- Airspace (Federal Aviation Administration)
What Code Enforcement Does Not Enforce
- Encroachment or Neighborhood Civil Disputes: If you feel your neighbor has encroached upon your property line, it is a civil issue that neither Code Enforcement nor the Sheriff's Office will be involved in.
- Fences: fences may be placed on a property line and do not require permits if they are less than 7 feet in height.
- Noise: For amplified music or public disturbance noises, contact the Clallam County Sheriff's Office non-emergency line at 360-417-2459.
- Electrical Work: The Washington Department of Labor and Industries issues all electrical permits and conducts inspections of electrical work. They may be reached at 360-417-2700.
- Homeowner's Association: If your local homeowner's association has covenants, conditions, and restrictions (CC&Rs) those are enforced solely by your HOA.
Report a Violation
Code Enforcement offers several options for residents to report potential violations in their neighborhood.
If you reach the voice mail, please leave a message with your contact information and a brief description of your concerns, and a staff member will contact you as soon as possible.
If you prefer to report a violation in person, please visit us at:
Department of Community Development (DCD)
Clallam County Courthouse
223 E 4th Street, Suite 5
Port Angeles, WA 98362
Map To Location
Email Code Enforcement
Please note that all email sent to this address will be received by the Clallam County email system and may be subject to Public Disclosure under Chapter 42.56 RCW and is subject to archiving and review by someone other than the recipient. Also, note Clallam County's email system cannot accept attachments larger than 10MB in size.
You may download a Code Violation Report Form (PDF), print and fill it out, and mail it to us at:
Clallam County DCD - Code Enforcement
Clallam County Courthouse
223 E 4th Street, Suite 5
Port Angeles, WA 98362
Investigation Process: What to Expect
Whether you are reporting a violation, requesting assistance, or receiving a notice of violation, here are the basic steps Code Enforcement Officers will take to investigate.
- Receive complaint or assistance request.
- Complaint can be made by any member of the public via phone, email, or mail.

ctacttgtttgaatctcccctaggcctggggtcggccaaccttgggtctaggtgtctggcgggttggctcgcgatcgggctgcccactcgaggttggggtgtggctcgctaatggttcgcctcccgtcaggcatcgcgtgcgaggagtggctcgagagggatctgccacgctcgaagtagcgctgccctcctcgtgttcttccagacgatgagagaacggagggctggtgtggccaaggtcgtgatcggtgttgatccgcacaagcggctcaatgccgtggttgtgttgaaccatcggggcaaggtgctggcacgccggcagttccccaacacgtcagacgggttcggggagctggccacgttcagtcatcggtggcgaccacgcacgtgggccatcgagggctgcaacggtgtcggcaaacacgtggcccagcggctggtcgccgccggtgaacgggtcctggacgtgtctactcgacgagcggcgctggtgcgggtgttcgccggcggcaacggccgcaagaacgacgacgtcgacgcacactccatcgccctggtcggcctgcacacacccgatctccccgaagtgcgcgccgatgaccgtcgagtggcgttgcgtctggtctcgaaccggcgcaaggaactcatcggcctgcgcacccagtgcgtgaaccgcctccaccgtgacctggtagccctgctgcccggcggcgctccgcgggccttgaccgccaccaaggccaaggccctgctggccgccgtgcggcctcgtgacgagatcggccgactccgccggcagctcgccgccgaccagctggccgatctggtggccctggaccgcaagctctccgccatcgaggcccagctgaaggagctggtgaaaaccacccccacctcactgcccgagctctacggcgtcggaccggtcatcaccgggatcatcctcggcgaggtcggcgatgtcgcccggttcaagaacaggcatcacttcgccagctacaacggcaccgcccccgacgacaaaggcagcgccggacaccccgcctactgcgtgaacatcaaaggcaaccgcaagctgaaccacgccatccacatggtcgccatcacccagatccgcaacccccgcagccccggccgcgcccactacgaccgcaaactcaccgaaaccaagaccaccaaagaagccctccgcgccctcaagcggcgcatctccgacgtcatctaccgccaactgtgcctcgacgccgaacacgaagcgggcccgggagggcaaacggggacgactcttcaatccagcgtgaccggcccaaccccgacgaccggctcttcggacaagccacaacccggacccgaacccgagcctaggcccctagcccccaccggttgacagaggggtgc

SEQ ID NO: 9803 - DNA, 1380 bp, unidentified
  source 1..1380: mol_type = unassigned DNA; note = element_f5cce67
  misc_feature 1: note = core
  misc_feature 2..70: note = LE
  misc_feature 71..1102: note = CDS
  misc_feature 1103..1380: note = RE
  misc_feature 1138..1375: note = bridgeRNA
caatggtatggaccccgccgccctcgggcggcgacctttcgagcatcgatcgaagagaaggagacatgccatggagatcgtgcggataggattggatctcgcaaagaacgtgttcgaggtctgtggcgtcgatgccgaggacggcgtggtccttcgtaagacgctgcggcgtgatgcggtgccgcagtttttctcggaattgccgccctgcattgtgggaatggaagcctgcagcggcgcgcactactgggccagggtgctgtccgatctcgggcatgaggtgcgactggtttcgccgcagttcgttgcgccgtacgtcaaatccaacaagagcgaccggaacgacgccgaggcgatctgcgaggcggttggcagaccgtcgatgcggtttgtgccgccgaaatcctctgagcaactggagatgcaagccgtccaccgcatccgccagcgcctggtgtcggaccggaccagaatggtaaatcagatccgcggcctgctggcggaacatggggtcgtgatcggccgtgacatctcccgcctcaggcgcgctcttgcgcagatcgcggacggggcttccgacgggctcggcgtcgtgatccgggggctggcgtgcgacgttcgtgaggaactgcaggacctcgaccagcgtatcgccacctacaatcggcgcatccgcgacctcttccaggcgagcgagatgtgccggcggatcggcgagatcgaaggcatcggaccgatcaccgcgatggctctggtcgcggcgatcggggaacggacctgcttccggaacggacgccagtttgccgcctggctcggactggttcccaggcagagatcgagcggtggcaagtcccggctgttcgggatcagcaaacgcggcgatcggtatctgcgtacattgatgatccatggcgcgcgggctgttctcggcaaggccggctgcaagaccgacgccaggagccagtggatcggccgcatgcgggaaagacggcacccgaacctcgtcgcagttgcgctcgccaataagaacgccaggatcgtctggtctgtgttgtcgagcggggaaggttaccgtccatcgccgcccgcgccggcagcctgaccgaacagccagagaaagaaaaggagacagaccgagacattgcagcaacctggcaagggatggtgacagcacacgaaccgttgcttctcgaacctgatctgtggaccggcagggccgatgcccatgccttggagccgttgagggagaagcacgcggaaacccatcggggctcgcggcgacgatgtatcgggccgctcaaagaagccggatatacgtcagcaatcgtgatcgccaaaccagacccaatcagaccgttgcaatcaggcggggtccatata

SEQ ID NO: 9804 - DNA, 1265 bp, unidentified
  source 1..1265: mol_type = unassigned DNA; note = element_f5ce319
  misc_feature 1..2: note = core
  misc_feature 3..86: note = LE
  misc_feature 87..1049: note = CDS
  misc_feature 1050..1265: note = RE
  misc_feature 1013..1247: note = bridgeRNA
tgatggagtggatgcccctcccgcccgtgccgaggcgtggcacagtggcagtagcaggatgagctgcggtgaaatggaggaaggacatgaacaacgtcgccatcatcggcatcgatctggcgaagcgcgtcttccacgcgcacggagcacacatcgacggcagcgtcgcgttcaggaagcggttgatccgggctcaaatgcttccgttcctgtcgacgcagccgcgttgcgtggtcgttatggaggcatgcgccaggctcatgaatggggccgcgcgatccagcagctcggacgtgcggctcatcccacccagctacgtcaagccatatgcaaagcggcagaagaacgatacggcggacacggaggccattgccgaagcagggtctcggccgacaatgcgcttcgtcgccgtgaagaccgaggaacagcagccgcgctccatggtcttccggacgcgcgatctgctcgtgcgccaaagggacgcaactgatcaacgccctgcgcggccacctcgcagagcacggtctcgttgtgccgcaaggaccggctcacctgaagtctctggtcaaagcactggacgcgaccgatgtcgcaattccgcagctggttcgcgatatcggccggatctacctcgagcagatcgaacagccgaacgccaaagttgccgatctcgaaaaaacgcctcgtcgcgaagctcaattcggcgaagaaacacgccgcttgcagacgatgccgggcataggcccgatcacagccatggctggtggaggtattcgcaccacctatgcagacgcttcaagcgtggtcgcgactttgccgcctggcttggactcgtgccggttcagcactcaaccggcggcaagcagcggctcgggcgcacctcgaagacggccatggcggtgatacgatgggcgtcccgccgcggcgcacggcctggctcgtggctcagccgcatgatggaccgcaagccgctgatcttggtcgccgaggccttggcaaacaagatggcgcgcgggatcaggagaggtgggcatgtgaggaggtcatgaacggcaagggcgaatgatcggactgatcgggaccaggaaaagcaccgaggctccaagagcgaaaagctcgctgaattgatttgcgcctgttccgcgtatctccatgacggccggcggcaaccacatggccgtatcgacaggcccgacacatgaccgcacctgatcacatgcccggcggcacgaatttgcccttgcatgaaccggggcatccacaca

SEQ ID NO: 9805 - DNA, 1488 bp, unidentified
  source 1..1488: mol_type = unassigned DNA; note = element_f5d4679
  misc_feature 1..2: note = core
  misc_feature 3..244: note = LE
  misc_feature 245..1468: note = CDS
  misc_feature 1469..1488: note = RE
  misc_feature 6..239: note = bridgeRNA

- Assistance Requests can be made by a property owner for junk vehicle removal.
- Create initial case report.
- Case information is entered into tracking system, including any photos or documents submitted with complaint.
- Initial research about parcel in question is conducted.
- Assign case to Code Enforcement Officer for follow up of initial report.
- Additional research about parcel conducted if needed.
- Site visitation and meeting with involved parties.
- Initial visit may consist of photos and an attempt to contact property owner or tenant.
- Initial contact is designed to be positive, informational, and educational for all stakeholders. Educational information may be handed out to responsible party.
- Determine legitimacy of case
- Confirm complaint type.
- Establish legitimacy of case based on Departmental rules and County Codes.
- Clarify specific codes which address the violation.
- Meet with appropriate County staff for prioritization and establish time-line for correction of violation.
- Prioritize case with guidelines laid out in CCC 20.080.050.
- Several variables can and do effect corrective action timelines (such as weather/seasonal constraints for replanting, availability of engineers/contractors).
- If violation has a routine or low-level priority, a letter may be sent to the complainant advising the case has been prioritized and will not yet be actively worked until higher priority cases are resolved.
- Initial Letter to Property Owner / Responsible Party
- Documentation of potential code violation is provided to the property owner or responsible party in an initial letter.
- Specific code sections being violated are provided.